March 3, 2005
American Psychological Association Announces Plans for Next Phase of Tsunami Relief Efforts
Second stage will focus on mental health needs of survivors
WASHINGTON - The American Psychological Association (APA) is continuing its efforts to assist the survivors of last December's tsunami in Southeast Asia. With the help of psychologist Gerard (Jerry) Jacobs, Ph.D., of the University of South Dakota - one of the world's authorities on the mental health needs of disaster survivors - APA has formulated phase II of its tsunami response. This phase focuses on helping the affected countries build and/or strengthen their own mental health and disaster relief infrastructure.
Specific actions APA will take for the intermediate response period (three to nine months into the recovery) include the following:
- Collaborate in the psychological support training being offered by the International Union of Psychological Science (IUPsyS) and provide follow-up support to individual country psychological associations that have participated in the IUPsyS training.
- Provide one or two providers from each of the affected countries the opportunity to obtain more in-depth training in disaster psychology.
- Continue with development of a cadre of international consultants to respond to questions from providers and the media regarding the Asian tsunami.
- Provide a venue at the APA 2005 convention in Washington, DC for a discussion of tsunami relief projects.
The APA Board of Directors has approved up to $150,000 for these and other recovery assistance projects including long-term recovery assistance steps, such as the encouragement of education about trauma and disasters in doctoral clinical and counseling training programs and master's level school psychologist programs.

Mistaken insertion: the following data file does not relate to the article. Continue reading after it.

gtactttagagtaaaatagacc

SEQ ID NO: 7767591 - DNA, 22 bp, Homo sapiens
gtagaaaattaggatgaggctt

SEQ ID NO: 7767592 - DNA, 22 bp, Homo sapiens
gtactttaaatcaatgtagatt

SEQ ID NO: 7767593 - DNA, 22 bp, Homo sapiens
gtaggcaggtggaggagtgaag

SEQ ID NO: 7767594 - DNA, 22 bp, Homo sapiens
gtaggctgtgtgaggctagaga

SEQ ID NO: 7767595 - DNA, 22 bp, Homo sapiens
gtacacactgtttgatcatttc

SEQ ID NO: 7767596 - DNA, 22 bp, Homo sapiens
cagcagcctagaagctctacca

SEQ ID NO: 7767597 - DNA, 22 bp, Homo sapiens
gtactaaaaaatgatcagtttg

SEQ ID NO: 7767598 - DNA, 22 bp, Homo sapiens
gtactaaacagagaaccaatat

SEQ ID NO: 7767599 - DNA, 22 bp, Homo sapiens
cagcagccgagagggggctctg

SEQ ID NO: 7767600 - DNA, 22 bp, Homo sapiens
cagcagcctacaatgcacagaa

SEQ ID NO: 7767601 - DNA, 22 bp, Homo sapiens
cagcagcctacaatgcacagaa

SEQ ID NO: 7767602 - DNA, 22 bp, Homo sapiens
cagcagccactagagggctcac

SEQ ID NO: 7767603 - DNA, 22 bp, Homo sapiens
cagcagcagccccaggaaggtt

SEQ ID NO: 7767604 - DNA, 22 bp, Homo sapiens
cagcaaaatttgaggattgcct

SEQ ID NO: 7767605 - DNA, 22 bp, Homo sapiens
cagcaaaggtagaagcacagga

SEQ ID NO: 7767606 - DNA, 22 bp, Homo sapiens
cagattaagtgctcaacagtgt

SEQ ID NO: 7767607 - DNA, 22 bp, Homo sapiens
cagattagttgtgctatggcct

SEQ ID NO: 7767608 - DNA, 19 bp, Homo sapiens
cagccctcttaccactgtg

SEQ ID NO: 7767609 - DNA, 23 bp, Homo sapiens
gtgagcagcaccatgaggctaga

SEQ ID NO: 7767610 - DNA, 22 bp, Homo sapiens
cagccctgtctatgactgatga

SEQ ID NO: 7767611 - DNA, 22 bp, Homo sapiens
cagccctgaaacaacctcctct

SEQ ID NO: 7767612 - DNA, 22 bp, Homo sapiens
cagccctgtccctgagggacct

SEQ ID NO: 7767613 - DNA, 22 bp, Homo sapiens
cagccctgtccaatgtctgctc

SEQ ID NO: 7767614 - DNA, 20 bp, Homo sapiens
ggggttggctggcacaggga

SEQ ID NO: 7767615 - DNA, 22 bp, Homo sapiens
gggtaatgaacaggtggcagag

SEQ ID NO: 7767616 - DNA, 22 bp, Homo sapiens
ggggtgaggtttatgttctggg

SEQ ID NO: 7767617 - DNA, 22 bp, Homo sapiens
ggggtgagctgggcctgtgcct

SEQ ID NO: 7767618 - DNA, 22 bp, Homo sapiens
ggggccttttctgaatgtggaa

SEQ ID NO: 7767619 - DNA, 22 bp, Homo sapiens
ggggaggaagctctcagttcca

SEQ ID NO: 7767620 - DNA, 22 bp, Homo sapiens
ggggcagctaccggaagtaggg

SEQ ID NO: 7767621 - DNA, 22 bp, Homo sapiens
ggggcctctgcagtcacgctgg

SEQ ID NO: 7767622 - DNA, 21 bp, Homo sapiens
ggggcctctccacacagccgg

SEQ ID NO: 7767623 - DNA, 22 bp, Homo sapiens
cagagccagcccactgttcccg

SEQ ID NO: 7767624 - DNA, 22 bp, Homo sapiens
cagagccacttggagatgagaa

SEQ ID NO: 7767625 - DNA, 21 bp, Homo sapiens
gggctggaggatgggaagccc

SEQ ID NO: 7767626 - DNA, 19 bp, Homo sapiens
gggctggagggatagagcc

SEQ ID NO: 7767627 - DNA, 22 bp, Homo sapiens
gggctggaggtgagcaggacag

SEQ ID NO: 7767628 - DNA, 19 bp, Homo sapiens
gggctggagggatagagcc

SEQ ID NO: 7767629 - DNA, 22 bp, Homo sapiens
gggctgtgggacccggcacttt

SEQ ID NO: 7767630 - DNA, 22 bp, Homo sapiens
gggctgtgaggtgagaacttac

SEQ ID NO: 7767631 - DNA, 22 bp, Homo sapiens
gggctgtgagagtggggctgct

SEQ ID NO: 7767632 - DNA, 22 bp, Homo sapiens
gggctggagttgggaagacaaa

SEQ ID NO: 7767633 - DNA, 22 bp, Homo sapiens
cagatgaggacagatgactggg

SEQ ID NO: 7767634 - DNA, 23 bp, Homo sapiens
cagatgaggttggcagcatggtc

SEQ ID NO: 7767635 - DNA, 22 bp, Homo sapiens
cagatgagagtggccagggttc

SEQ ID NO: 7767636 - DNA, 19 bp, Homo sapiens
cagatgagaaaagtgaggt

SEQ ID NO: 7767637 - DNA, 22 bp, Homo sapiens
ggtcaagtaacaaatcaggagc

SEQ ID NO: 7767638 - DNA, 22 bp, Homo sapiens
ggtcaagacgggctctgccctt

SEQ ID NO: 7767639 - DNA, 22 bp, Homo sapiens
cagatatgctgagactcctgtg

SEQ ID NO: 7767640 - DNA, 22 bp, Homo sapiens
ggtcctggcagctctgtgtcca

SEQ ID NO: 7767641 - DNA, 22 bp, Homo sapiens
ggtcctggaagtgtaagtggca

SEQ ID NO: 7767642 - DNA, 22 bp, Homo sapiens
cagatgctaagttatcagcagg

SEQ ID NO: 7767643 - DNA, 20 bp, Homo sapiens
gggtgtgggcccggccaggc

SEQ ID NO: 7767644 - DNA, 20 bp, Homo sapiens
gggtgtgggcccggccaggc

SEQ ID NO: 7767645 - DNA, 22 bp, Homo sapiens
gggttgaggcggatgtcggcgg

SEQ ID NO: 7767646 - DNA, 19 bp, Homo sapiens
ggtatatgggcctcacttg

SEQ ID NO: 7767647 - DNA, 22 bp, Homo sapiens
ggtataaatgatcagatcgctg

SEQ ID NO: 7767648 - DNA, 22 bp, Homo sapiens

"Our initial response to the Tsunami was how can we get help to people in the affected countries quickly and what is most needed? At that point, a donation to the American Red Cross relief fund made the most sense," said APA President Ronald F. Levant, Ed.D. "Now, with phase II of our response, we want to focus on what psychology can uniquely bring to the table to help the tsunami victims. One thing that psychologists can uniquely do is bring our experience in dealing with trauma and natural disasters to our mental health colleagues in the affected countries. The goal is to help them strengthen their own countries mental health systems and infrastructures," said Dr. Levant.
These steps are in addition to the initial steps taken by the association following the tsunami, which included a $100,000 contribution to the American Red Cross Tsunami Relief Fund and asking the American Red Cross to work with the APA Disaster Response Network to serve the needs of family members of those directly affected by the tsunami who currently reside in the United States.
The American Psychological Association (APA), in Washington, DC, is the largest scientific and professional organization representing psychology in the United States and is the world's largest association of psychologists. APA's membership includes more than 150,000 researchers, educators, clinicians, consultants and students. Through its divisions in 53 subfields of psychology and affiliations with 60 state, territorial and Canadian provincial associations, APA works to advance psychology as a science, as a profession and as a means of promoting health, education and human welfare.